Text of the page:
Evidence of respiratory system remodeling in a competitive freediver: a competitive advantage?

L. M. Seccombe, C. R. Jenkins, P. G. Rogers, M. A. Pearson, M. J. Peters

    Research output: Contribution to journalMeeting abstract

    8 Citations (Scopus)


    Introduction: Glossopharyngeal insuffl ation (GI) is commonly employed by freedivers to increase oxygen stores for depth and duration events. Lung barotrauma has been associated with GI, which raises the possibility that use of this technique results in lung damage and physiological impairment. Paradoxically, these alterations in the respiratory system may be performance enhancing. We sought to characterize the nature of any changes in the respiratory system that may be associated with GI, using physiological measurement and imaging. Methods: The research data from a healthy competitive freediver who practised regular GI training was reviewed. Lung function was sequentially measured, including volumes achieved with a maximal GI manoeuvre. Non-contrast computed tomography (CT) of the thorax taken at baseline and following GI on a single occasion were segmented for 3D analysis of lung tissue. Results: Lung function was measured over a period of eight years (from age 25 to 33 years) on four occasions. There was progressive baseline lung hyperinflation with a total >800 mL increase in baseline VC, FRC and TLC. There was no evidence of gas trapping as RV remained unchanged, and TLCO was preserved. The subject was adept at GI; however, there was an observed limit to maximal absolute volume achieved above traditional TLC despite ongoing GI raining. Rendered 3D images of lung tissue demonstrated significant lung hyperinflation following GI, with intercostal bulging of lung tissue, mediastinal distortion and flattening of the diaphragm. A pneumomediastinum was evident on the GI scan. Conclusion: We present a healthy freediving subject with progressively increasing baseline lung volumes associated with repeated performance of an intervention used to enhance athletic performance. However, the upper limit of TLC with GI was stable. The repeated use of GI over time in this case appears to have altered respiratory system mechanics without any functionally important macroscopic lung damage, at least as evidenced by CT scans and measures of gas exchange.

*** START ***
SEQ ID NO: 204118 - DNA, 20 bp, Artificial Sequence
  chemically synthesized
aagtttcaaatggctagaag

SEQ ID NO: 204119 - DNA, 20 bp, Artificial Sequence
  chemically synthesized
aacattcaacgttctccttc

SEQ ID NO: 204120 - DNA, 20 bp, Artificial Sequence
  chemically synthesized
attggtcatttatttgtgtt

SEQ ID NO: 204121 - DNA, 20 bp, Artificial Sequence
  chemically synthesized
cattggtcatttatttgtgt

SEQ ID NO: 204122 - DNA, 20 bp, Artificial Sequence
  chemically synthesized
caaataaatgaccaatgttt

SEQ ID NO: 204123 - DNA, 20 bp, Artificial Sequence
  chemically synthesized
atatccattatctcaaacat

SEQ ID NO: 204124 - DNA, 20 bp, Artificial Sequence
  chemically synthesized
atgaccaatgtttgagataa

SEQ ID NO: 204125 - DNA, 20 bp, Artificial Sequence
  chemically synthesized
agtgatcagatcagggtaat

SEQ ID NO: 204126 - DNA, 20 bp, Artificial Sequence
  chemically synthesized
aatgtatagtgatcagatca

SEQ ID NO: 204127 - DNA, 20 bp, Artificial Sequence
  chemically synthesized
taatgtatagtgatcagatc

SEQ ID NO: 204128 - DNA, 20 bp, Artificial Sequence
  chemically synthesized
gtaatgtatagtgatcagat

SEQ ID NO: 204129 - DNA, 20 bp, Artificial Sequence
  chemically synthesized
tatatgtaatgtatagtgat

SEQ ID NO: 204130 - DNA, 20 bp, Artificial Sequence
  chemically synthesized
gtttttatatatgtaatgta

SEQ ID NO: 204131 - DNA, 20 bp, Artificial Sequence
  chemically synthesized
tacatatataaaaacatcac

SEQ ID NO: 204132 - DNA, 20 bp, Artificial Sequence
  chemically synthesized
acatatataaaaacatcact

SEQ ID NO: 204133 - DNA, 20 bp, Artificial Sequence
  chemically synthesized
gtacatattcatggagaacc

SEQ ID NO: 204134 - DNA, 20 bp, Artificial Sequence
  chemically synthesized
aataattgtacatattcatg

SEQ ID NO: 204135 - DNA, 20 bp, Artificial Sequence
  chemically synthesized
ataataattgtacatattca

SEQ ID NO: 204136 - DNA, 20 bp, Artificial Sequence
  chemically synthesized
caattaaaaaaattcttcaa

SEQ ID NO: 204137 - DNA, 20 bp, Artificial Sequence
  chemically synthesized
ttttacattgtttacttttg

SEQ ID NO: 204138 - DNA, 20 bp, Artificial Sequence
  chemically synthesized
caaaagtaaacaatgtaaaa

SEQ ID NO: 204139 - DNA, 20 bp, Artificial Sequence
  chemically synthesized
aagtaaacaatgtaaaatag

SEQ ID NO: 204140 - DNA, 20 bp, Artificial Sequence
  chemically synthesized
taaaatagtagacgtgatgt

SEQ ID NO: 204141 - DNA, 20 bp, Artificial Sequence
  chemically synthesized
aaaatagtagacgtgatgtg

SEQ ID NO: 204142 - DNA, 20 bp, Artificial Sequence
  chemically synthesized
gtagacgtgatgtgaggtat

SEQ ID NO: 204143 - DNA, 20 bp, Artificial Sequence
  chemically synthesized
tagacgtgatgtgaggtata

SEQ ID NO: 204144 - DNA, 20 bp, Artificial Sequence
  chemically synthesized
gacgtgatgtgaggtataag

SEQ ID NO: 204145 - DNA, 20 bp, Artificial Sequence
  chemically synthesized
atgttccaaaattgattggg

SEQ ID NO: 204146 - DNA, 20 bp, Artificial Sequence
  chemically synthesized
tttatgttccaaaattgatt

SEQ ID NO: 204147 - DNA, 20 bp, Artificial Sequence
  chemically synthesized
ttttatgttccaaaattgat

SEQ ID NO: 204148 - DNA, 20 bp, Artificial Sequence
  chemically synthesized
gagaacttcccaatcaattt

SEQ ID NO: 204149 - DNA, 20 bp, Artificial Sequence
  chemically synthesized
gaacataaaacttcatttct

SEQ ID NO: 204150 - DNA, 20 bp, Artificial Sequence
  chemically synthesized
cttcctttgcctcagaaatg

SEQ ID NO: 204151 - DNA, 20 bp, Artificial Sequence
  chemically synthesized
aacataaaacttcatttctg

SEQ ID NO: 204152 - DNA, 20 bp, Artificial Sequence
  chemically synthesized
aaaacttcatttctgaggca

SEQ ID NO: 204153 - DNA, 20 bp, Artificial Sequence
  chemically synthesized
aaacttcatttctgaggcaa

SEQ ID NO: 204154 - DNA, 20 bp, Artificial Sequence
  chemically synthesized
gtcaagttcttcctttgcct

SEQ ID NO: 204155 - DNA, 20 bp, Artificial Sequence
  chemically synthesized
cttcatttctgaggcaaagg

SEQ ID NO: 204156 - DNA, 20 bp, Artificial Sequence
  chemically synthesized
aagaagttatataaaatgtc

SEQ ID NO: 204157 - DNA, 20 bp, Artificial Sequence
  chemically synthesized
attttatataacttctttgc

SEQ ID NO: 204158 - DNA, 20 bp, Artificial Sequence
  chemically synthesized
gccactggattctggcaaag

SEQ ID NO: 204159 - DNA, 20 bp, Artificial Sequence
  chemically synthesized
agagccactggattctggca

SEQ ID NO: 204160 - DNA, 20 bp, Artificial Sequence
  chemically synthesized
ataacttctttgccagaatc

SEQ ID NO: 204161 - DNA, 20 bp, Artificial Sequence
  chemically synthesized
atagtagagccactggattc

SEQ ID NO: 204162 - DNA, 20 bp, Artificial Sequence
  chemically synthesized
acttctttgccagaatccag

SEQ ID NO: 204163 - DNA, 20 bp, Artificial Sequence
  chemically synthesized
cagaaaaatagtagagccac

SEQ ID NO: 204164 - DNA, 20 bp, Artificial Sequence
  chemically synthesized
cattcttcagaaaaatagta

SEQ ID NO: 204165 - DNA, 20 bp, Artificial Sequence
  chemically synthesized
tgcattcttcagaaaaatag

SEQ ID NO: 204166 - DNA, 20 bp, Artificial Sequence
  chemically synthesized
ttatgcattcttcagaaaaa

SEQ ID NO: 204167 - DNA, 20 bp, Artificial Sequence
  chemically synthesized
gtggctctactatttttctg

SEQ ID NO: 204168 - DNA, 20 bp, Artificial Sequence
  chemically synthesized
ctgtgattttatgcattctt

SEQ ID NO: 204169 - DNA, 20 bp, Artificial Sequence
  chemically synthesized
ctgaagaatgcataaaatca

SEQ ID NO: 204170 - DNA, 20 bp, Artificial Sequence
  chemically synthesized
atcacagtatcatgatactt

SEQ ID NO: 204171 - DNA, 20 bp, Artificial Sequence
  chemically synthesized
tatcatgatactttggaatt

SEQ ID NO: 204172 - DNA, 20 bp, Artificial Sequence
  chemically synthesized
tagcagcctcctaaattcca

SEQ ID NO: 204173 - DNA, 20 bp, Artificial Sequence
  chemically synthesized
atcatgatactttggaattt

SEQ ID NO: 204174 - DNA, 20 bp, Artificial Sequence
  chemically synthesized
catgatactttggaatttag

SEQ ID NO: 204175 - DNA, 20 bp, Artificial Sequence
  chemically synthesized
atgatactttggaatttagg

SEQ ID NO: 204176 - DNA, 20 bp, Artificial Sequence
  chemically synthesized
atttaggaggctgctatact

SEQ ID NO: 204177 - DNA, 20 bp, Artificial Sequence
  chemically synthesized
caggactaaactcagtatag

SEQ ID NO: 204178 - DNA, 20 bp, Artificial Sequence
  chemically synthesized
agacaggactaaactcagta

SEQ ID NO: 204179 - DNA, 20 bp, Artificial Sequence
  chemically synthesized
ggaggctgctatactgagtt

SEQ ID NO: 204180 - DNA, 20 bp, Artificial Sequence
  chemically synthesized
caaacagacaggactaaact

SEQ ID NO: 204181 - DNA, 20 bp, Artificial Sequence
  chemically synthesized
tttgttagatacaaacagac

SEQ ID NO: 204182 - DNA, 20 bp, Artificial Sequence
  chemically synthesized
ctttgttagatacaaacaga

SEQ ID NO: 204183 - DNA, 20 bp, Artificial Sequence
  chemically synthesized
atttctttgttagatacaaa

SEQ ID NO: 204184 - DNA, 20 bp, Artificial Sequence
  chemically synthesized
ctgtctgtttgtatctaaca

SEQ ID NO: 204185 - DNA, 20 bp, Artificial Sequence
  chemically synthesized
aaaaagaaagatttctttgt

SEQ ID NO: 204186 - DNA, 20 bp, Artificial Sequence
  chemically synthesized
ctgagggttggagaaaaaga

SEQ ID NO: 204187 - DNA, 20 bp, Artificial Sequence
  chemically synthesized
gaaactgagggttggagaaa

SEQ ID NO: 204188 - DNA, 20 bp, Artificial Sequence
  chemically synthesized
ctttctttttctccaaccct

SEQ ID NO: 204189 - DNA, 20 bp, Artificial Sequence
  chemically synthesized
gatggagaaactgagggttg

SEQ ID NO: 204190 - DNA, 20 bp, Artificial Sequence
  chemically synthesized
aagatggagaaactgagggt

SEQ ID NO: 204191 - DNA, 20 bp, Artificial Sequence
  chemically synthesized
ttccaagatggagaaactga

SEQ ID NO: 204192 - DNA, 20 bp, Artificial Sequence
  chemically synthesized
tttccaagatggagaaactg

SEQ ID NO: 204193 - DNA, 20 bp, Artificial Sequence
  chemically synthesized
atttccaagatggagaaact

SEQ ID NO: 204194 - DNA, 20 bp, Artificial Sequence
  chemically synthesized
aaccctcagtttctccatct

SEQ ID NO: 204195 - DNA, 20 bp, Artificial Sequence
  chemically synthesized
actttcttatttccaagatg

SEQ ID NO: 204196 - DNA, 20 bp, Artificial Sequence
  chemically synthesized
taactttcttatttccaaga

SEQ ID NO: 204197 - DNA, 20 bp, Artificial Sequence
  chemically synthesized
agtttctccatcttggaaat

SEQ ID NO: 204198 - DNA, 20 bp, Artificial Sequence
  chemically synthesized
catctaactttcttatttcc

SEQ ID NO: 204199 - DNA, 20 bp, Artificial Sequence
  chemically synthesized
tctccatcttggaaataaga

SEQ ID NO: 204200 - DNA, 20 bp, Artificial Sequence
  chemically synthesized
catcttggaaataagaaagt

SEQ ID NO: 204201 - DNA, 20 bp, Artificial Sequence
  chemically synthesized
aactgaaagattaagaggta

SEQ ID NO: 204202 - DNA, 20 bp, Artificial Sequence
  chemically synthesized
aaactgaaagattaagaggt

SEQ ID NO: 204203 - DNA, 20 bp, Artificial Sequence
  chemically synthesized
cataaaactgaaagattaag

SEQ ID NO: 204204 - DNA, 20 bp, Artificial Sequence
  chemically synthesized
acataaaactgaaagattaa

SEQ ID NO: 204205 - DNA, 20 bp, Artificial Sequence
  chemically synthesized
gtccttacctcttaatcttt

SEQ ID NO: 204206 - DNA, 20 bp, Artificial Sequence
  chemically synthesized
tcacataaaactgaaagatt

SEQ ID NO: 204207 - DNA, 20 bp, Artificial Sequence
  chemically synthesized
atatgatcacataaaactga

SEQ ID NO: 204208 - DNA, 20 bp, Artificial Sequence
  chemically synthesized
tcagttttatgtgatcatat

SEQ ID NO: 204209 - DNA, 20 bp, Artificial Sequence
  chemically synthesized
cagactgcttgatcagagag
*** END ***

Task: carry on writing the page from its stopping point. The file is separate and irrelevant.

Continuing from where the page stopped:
Original languageEnglish
    Article numberAO09
    Pages (from-to)3-3
    Number of pages1
    Issue numberS2
    Publication statusPublished - Apr 2013


    • hyperinflation
    • breath-hold diving
    • lung function


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